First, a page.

Skip to comments.White House Can't Win ANWR Debate, Says Environmentalist
Posted on 03/02/2002 5:49:50 AM PST by Tumbleweed_Connection
As the U.S. Senate prepared Wednesday to debate the nation's energy needs, environmental groups blasted the Republican plan to drill for oil in the Artic National Wildlife Refuge and said the White House lacked enough votes to win Senate passage of the measure.
The ANWR drilling provision appeared headed for passage in the Senate Energy Committee earlier this month until Senate Majority Leader Tom Daschle (D-S.D.) yanked the entire bill from the committee and moved it directly to the Senate floor.
At the time, Sen. Frank Murkowski (R-Alaska), the ranking Republican on the Energy panel, said he had "never seen an instance where jurisdiction was pulled from a committee like this."
Daschle's move means the ANWR provision will now have to be introduced on the Senate floor as an amendment to the Democratic version of the energy bill and collect 60 votes.
Even the Bush administration's recent attempt to compromise and confine the oil drilling to only a third of the Arctic refuge's 1.5 million acres will fail, according to Jaime Rappaport Clark, senior vice president for conservation programs at the National Wildlife Federation
"It is clear that the White House and drilling proponents do not have the votes to open up the coastal plains, the Artic National Wildlife Refuge, to oil drilling," Clark said.
"They don't have the votes because the public and a number of open-minded senators recognize the irreparable harm that drilling would do to the wilderness character, to the wildlife value and to the environment of one of the most pristine places left on earth," Clark said.
She added that the region is "too wild to waste" and accused the Bush administration of taking last-minute steps "to exploit and wreck the refuge."
"They think they can pull it off by selling this drilling ploy as a balanced proposal. Let me tell you, from what I know, it is about as balanced as Enron's books," Clark said.
Among those supporting the ANWR proposal are officials of the Teamsters' Union, who argue that not only would oil drilling in the refuge reduce America's reliance on foreign oil but it would also produce thousands of high-paying jobs.
The Senate is scheduled to hear debate for several weeks before voting on a final version of the Kerry-Hollings bill, named for Democratic Senators John Kerry of Massachusetts and Ernest Hollings of South Carolina. Republicans will try to install their provisions as amendments to the Kerry-Hollings bill.
If they tell themselves this enough times.....
Well, maybe the White House lacks the votes, but I bet Jimmy Hoffa has them.
How was it that ANWR was made unavailable to drilling? If by EO, Bush could rescind/countermand it. If not, issuing a new one would be a huge blunder on his part. I didn't like it when Clinton issued them, and I feel the same way here.
The idea that environmental extremism entitles tyrants rather than we-the-people to control valuable subterrainian minerals should cut no ice whatsoever.
A total of 60 votes is needed to bring a vote to the floor and pass a bill.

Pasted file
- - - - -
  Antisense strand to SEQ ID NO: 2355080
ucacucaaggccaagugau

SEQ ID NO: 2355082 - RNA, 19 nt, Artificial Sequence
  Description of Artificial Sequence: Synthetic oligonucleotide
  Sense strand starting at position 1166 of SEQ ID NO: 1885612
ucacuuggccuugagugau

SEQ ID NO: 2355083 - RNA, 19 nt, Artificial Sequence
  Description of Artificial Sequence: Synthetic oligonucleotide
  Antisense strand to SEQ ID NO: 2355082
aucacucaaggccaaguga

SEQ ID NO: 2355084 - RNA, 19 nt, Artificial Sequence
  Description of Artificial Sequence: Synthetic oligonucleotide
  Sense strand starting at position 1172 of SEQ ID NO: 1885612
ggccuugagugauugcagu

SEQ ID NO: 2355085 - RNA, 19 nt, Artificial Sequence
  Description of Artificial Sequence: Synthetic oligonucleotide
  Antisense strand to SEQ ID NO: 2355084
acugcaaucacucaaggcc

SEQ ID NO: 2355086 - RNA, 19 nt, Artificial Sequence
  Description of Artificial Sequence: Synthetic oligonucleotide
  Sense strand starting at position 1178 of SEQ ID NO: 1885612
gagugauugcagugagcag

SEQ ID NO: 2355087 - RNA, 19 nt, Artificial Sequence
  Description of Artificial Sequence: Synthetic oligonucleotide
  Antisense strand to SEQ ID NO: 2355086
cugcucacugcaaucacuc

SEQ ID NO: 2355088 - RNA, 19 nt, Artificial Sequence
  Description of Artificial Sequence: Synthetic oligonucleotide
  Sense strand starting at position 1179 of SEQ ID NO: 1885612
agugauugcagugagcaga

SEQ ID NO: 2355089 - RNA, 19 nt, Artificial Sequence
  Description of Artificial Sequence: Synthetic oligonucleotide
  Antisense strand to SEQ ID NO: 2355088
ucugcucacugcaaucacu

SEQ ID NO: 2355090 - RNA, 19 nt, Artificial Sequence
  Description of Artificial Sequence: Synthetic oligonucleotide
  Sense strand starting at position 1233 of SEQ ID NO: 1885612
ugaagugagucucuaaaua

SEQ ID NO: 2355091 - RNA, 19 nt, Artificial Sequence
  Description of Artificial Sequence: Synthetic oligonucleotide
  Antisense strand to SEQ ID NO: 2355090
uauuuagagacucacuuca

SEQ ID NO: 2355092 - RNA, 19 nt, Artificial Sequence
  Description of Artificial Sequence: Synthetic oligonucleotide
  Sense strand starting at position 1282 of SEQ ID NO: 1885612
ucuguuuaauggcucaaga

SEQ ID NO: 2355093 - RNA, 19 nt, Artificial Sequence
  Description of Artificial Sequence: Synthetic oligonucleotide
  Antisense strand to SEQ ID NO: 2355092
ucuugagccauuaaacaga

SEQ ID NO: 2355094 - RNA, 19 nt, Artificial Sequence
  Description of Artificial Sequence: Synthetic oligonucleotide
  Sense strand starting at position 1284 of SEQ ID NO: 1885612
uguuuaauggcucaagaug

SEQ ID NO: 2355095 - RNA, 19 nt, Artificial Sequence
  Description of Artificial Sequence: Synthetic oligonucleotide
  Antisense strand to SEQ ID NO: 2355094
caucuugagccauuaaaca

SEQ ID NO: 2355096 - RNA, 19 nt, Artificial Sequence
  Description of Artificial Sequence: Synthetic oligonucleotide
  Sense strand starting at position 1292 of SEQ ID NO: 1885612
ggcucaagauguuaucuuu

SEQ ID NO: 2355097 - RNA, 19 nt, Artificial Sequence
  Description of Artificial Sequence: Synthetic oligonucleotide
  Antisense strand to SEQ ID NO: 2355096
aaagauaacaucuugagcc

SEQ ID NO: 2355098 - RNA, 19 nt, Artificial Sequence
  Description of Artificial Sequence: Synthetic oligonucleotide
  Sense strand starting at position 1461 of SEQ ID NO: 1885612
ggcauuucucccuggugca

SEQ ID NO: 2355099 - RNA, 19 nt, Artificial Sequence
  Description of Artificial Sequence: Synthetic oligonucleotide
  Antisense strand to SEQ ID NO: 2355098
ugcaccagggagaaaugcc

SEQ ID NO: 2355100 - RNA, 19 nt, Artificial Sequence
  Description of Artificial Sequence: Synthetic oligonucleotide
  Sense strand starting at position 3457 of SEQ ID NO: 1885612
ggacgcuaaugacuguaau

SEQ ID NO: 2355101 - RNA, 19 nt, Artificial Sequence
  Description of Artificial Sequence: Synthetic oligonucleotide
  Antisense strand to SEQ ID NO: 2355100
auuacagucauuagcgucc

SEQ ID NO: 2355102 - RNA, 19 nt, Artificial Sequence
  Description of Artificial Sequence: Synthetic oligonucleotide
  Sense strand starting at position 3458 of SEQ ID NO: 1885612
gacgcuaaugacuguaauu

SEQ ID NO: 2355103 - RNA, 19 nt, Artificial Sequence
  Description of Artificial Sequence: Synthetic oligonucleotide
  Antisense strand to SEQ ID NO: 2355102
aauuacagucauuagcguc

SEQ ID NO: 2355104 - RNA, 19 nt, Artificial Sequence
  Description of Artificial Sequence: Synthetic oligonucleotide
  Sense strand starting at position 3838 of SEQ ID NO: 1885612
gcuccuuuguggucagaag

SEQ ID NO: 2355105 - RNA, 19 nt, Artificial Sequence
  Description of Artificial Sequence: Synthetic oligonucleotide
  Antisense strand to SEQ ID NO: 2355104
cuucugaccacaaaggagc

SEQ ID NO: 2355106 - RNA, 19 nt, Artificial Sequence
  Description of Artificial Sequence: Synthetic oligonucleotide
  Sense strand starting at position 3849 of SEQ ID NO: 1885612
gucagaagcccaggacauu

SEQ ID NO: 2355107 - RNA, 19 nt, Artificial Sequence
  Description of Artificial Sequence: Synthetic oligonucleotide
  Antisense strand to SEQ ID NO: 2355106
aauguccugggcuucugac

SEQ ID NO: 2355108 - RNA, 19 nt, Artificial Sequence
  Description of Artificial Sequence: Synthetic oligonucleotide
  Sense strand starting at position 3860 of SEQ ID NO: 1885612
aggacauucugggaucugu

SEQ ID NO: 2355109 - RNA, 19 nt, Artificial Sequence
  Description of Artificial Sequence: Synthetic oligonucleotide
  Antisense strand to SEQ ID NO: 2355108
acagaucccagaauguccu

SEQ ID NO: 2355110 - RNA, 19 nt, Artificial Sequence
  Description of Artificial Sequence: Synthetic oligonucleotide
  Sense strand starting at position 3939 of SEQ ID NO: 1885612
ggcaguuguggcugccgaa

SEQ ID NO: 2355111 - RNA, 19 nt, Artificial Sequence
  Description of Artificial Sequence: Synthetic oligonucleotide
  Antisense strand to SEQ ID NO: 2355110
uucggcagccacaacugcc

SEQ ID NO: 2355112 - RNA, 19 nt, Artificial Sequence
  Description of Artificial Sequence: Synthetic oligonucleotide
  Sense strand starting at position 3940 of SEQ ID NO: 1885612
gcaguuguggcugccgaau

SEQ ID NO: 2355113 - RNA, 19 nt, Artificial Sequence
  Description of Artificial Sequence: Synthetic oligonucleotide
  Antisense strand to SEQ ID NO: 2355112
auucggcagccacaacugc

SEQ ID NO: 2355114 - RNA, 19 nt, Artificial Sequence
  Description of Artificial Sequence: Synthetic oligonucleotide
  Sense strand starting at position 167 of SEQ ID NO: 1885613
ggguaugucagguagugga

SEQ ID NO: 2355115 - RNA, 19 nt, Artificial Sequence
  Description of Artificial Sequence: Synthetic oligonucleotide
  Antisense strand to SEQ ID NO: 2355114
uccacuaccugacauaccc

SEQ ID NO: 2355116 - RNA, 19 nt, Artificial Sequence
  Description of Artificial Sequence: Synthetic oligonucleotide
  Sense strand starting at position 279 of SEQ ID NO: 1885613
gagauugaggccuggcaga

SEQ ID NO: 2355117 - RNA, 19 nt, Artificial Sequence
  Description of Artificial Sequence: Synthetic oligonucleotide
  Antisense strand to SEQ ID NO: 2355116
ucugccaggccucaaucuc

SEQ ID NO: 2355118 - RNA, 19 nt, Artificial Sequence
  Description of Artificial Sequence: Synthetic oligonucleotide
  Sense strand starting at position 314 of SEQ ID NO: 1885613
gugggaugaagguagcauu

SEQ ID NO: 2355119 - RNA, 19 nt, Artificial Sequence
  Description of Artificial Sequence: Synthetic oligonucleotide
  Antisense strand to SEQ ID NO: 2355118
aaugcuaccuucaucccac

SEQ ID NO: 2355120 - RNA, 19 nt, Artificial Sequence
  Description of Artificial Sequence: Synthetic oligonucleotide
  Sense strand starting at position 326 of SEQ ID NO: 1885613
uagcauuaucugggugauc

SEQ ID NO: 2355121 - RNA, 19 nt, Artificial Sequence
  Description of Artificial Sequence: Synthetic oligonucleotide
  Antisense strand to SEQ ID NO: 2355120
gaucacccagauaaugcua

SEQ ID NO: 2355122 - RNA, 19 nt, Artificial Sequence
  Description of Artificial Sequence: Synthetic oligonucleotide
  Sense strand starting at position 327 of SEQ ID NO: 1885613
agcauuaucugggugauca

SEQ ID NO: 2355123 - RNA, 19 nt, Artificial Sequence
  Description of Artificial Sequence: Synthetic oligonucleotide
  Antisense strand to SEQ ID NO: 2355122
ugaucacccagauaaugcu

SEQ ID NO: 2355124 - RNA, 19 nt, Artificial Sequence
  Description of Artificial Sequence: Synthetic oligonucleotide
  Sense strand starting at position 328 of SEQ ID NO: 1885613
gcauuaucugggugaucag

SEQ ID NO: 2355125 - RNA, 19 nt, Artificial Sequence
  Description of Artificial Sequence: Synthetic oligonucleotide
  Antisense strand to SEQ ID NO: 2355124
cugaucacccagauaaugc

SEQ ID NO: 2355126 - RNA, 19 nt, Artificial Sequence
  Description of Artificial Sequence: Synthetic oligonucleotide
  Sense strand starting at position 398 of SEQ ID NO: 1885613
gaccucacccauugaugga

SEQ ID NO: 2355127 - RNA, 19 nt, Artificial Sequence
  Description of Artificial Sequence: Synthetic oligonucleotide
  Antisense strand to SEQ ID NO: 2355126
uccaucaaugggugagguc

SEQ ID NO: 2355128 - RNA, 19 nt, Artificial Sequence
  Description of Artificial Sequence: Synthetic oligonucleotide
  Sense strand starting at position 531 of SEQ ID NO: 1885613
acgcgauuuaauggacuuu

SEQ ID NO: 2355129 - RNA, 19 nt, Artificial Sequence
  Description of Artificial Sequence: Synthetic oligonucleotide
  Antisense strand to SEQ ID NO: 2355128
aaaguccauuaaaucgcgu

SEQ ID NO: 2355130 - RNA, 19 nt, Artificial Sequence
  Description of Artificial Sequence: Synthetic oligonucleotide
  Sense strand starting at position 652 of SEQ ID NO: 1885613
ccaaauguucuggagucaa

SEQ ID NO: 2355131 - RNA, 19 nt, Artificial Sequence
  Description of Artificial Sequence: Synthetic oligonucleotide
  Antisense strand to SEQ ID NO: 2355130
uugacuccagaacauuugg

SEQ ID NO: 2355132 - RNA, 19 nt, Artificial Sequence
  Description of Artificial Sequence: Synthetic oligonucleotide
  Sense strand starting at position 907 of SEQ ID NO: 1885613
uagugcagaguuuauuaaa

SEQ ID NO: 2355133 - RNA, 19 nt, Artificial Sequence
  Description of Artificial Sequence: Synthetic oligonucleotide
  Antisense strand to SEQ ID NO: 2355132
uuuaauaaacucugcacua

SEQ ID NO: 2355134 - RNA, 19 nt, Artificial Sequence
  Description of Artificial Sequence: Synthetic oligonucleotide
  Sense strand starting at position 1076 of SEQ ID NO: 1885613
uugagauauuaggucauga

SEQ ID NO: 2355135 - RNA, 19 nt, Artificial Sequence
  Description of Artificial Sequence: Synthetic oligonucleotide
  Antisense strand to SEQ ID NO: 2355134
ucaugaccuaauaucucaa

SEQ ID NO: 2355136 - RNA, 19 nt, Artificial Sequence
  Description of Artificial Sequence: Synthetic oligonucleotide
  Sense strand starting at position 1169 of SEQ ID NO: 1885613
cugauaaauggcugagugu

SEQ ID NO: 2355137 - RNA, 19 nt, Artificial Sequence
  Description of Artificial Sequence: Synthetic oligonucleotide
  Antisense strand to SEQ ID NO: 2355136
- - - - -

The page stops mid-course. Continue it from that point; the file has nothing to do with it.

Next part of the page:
How is this possible?
So what's the beef?
The dearth of debate limitations in Senate rules creates the possibility of filibusters. Individual Senators or minority groups of Senators who adamantly oppose a bill or amendment may speak against it at great length, in the hope of changing their colleagues' minds, winning support for amendments that meet their objectives, or convincing the Senate to withdraw the bill or amendment from further consideration on the floor. Opposing Senators also can delay final floor action by offering numerous amendments and motions, insisting that amendments be read in full, demanding roll call votes on amendments and motions, and a using a variety of other devices.
The only formal procedure that Senate rules provide for breaking filibusters is to invoke cloture under the provisions of paragraph 2 of Rule XXII. However, cloture cannot be voted until two days after it is proposed, and a simple majority of the Senate is insufficient to invoke cloture. Cloture requires the support of three-fifths of the Senators duly chosen and sworn, or a minimum of 60 votes (unless the matter being considered changes the standing rules, in which case cloture requires a vote of two-thirds of the Senators present and voting). For this reason alone, cloture can be difficult to invoke and almost always requires some bipartisan support. In addition, some Senators are reluctant to vote for cloture, even if they support the legislation being jeopardized by the filibuster, precisely because the right of extended debate is such an integral element of Senate history and procedure.
Even if the Senate does invoke cloture on a bill (or anything else), the result is not an immediate vote on passing the bill. The cloture rule permits a maximum of thirty additional hours for considering the bill, during which each Senator may speak for one hour. The time consumed by rollcall votes and quorum calls is deducted from the thirty hour total; as a result, each Senator does not have an opportunity to speak for a full hour, although he or she is guaranteed at least ten minutes for debate. Thus, cloture does not stop debate immediately; it only ensures that debate cannot continue indefinitely. And even the thirty hours allowed under cloture is quite a long time for the Senate to devote to any one bill, especially since Senators may not be willing to invoke cloture until the bill already has been debated at considerable length.
Better question: What do you call caribou meat?